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Minister's F-Bomb illustrates lamentable state of Alberta political discourse

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Doug Griffiths

Many of us were asking ourselves yesterday afternoon if Alberta Municipal Affairs Minister Doug Griffiths had really dropped an F-Bomb on the Wildrose Party?

Well, now we know he did, and, from the perspective of the government of Premier Alison Redford, it can't be a good sign.

For one thing, it shows the Wildrose Opposition is getting right up the Progressive Conservative government's collective nose, which is exactly what you want to be doing if you’re an opposition party on its way to being a government. You rattle 'em, then you put 'em off their game.

For another, it lowers the already lamentable level of political discourse in this province. And Griffiths is a schoolteacher, and a generally well-spoken one at that, in normal circumstances!

Just think, it was only six years ago that the Tory government of premier Ed Stelmach was tearing its hair, beating its breast and eventually passing unconstitutional legislation because of couple of unions had bought TV ads proclaiming Stelmach's government to have "no plan!"

Those "American-style attack ads" that supposedly showed how debate was stooping to an unheard degree of viciousness seem pretty tame now compared to Griffiths blowing off Wildrose Leader Danielle Smith as "f**king embarrassing" for sniping at the government because the Mounties seized firearms from evacuated houses in High River during the hours after last June's flood.

On the other hand, it's hard not to feel a certain sympathy with Griffiths' and the government's frustration with the Wildrose strategy. After all, it seems pretty cynically designed to open up the old Harper Government wedge about firearms ownership and property rights without really having too much to do with the facts on the ground -- or, in this case, I guess, on the water.

But thanks to a few weeks of skillful spinning by Smith, a resident of High River and the MLA for the region around the devastated town, a tale of heroic Mounties entering homes during a mandatory evacuation to rescue trapped seniors, save abandoned pets and secure vulnerable valuables has morphed into a dark narrative about rogue cops answering to a "left-leaning" premier to seize law abiding citizens' firearms and trample their rights.

Some of the rhetoric emanating from the loony right about Redford is very harsh and as paranoid as a report of a black helicopter, and it's been accompanied by Prime Minister Stephen Harper singing harmony, although Smith's own tone is more one of sadness than anger as befits the dignified leader of the Opposition.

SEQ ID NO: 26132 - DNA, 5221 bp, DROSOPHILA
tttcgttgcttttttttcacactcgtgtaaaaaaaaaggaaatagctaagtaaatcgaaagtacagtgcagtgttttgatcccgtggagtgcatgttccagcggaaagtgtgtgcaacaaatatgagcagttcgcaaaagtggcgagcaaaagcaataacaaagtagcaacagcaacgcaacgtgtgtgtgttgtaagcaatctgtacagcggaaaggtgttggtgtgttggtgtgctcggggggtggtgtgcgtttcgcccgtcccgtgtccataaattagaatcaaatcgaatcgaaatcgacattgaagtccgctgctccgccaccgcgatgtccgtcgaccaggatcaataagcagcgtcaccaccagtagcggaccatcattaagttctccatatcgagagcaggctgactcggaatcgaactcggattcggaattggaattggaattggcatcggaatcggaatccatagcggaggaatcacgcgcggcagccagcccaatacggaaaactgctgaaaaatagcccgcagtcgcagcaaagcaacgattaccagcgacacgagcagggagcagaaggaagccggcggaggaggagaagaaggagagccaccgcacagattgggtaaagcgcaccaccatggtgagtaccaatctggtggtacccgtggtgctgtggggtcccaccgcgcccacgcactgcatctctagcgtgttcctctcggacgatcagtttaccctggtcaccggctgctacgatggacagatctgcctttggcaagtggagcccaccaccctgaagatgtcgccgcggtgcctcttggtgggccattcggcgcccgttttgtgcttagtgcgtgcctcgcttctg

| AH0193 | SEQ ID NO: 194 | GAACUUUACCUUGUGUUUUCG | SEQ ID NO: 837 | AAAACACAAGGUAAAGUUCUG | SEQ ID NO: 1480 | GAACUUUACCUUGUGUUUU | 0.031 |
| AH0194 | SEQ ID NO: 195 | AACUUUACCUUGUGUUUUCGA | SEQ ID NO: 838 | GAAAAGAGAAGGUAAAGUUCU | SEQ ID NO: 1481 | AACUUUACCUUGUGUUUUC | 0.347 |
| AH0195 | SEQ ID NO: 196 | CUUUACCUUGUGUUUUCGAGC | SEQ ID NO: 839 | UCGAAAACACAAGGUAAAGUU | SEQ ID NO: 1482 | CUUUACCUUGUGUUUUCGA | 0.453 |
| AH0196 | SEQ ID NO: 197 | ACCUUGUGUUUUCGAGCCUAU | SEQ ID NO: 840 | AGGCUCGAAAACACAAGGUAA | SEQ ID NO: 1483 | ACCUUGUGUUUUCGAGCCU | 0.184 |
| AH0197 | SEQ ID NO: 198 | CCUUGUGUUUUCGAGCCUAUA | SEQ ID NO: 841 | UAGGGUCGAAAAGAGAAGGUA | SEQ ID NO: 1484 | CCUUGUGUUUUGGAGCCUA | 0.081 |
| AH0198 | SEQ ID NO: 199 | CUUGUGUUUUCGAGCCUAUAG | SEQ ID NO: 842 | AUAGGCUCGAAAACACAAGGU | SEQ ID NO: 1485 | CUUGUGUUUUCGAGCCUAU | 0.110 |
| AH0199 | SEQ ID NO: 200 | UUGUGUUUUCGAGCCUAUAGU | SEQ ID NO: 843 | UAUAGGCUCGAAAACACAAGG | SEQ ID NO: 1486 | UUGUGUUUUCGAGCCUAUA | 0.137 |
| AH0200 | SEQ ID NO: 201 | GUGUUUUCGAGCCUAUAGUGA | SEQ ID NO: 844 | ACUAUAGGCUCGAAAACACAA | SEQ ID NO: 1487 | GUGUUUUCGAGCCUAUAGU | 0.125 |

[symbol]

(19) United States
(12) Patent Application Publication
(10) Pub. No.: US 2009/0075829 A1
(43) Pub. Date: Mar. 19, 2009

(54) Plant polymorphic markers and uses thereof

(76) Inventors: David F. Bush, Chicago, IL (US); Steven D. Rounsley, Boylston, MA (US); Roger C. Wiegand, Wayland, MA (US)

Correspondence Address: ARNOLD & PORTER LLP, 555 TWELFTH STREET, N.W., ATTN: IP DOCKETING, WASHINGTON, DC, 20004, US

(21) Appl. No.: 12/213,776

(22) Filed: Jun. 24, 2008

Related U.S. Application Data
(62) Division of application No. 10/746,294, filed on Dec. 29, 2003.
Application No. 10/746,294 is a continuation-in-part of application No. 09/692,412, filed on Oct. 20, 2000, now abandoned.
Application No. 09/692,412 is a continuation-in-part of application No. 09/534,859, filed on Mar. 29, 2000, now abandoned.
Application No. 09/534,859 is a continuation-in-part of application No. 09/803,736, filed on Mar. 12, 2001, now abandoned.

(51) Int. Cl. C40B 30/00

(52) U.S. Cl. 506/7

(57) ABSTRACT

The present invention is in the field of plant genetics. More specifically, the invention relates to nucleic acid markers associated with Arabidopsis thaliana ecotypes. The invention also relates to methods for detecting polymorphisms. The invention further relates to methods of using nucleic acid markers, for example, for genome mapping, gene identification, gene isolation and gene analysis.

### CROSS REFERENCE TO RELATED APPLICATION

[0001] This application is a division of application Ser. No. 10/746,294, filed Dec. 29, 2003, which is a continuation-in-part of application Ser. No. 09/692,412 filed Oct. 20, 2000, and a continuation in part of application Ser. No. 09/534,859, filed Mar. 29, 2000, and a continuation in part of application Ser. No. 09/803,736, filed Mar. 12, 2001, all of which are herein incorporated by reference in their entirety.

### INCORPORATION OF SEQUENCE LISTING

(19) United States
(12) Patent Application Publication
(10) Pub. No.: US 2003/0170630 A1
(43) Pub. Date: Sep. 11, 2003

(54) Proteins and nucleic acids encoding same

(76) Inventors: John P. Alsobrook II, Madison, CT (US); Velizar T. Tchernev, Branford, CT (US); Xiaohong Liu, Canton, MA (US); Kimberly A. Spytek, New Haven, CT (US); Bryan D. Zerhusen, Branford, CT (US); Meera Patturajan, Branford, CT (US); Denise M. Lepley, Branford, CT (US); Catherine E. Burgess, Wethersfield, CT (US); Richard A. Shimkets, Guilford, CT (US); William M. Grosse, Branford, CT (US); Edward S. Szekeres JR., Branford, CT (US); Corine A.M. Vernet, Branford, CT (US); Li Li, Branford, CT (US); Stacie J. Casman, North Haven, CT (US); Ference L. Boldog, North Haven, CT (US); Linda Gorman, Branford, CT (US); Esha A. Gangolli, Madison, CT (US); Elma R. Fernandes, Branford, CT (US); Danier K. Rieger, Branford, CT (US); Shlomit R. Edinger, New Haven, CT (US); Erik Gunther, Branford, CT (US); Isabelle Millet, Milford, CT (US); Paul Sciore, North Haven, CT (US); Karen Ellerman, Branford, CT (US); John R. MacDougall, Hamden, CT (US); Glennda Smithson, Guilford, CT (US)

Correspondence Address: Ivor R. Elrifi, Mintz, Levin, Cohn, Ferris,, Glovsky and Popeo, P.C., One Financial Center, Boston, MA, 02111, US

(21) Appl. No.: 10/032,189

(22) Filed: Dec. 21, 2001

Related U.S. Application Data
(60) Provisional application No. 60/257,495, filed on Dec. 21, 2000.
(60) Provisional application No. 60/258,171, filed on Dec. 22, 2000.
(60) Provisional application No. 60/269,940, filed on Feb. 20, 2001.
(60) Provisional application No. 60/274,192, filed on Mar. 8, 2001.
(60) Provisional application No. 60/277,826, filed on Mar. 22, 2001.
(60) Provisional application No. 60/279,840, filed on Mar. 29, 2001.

"Homes weren't breached in Calgary. Doors weren't kicked down in Medicine Hat. Guns weren't taken in Canmore," an injured sounding Smith said during a public meeting yesterday she organized in High River. "So what happened in High River that was so different and why did the RCMP operate outside the emergency operations centre chain of command?"

That argument, or something like it said earlier in the day, seems to be what provoked Griffiths' profane riposte, the full version of which went like this: "The RCMP are doing the best that they can and they did the best they can in the situation. I am sick and tired of people like her going around trying to blame people when we’re still trying to rebuild the community. It's f**king embarrassing!"

Why High River and not Calgary, Medicine Hat or Canmore? Griffiths might have been better off gently pointing out that the flooding was worse in High River and folks had to leave their homes more quickly, and then just dropping it.

Instead, he opened the door to letting the Opposition leader righteously condemn him for being a potty-mouthed bully. "Instead of getting answers, I get the minister embarrassing himself by using profanity to criticize me standing up for my constituents," Ms. Smith said stiffly.

So the Redford Government, once again, seems to have taken a creditable response to the flooding and, in a matter of days, turned it into another PR disaster.

Oh well, presumably the premier's crack team of political advisors from Ontario can issue another in its series of sophomoric social media info-graphics attacking the opposition.

Aren't governments, especially ones that have been in power for a very long time, supposed to ignore the Opposition and behave with more dignity than this? That's certainly the way Alberta Tories used to do things, and it seemed to work out pretty well for them.

On the other hand, this is Canada in 2013, when a politician can enhance his image by announcing he smokes illegal drugs. So, who knows, maybe voters will like Griffiths' language? And he did say he was sorry

This post also appears on David Climenhaga's blog, Alberta Diary.

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